Upon inspection of the SQL, I noted complex combinational WHERE clauses: The distinct values for each of these columns were less than 200, and concatenated indexes were employed.
Replacing the b-tree indexes with bitmap indexes resulted in a stunning performance improvement for the entire system, taking queries from 3 seconds down to under one-tenth of a second.
I have a Word document with a table with columns of numbers, with a cell for totals at the bottom of each column.
It would be nice if after entering the numbers in each column, Word would automatically show the total.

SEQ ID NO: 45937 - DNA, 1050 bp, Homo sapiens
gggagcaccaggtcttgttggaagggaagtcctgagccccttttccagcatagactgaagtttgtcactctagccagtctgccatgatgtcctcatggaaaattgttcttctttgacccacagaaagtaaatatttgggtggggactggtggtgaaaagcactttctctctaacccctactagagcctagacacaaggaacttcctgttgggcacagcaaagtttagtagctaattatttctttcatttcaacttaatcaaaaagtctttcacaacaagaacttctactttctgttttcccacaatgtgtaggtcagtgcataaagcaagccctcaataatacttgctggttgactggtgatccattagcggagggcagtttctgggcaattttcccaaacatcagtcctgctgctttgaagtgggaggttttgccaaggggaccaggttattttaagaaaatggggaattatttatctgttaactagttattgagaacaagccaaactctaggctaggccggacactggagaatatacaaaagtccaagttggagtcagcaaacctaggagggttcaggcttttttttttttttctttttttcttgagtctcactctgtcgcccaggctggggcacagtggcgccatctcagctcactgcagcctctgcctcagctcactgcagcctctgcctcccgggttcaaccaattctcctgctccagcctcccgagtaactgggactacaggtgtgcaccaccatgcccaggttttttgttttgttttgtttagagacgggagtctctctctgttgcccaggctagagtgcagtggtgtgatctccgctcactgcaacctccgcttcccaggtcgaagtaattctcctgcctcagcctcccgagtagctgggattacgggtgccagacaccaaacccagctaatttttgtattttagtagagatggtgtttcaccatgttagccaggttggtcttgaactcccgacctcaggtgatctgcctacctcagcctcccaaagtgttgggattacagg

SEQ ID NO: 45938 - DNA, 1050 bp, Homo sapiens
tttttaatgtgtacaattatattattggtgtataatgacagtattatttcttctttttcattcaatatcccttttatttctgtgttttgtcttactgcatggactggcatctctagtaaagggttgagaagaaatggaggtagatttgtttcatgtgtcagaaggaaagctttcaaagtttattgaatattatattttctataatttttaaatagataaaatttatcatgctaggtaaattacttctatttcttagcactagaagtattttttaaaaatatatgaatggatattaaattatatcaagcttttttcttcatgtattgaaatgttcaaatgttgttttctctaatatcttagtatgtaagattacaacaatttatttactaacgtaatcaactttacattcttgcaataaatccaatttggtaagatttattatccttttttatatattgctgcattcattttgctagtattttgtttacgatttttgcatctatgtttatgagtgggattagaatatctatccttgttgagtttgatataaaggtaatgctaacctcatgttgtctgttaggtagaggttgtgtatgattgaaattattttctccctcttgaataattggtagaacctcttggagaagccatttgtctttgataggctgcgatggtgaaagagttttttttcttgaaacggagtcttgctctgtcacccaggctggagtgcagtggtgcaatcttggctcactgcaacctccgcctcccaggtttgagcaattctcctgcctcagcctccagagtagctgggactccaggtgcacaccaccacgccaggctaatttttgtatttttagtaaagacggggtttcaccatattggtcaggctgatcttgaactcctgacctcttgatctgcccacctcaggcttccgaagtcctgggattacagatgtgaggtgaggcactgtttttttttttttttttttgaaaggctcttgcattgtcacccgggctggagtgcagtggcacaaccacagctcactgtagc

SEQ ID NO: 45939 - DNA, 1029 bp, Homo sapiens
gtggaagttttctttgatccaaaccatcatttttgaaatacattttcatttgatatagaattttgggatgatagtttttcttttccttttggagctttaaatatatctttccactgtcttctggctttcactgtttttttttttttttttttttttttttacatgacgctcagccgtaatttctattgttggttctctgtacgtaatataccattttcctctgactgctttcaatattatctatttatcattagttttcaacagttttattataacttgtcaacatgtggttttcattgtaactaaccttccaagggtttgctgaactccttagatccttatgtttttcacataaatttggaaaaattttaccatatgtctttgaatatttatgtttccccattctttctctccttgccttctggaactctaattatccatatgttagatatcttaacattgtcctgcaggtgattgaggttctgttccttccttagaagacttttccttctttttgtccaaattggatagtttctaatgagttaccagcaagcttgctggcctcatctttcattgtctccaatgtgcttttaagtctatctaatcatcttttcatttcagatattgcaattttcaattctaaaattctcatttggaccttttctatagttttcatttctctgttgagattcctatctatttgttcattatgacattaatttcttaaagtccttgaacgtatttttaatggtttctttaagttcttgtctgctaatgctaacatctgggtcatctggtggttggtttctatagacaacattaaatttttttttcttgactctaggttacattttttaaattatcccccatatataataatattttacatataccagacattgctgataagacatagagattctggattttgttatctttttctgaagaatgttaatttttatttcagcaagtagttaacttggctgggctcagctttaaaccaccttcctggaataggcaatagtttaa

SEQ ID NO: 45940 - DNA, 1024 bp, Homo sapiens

I do not want to have to tell the user "just insert SUM(ABOVE)".
So will this reindexing have a impact on the query performance? statement could be used to speed the search for matching rows when the field in question is part of an index.
In this example, where you have a boolean field present in 100 million rows means the selectivity of the field is so poor that a table scan will likely be required anyway.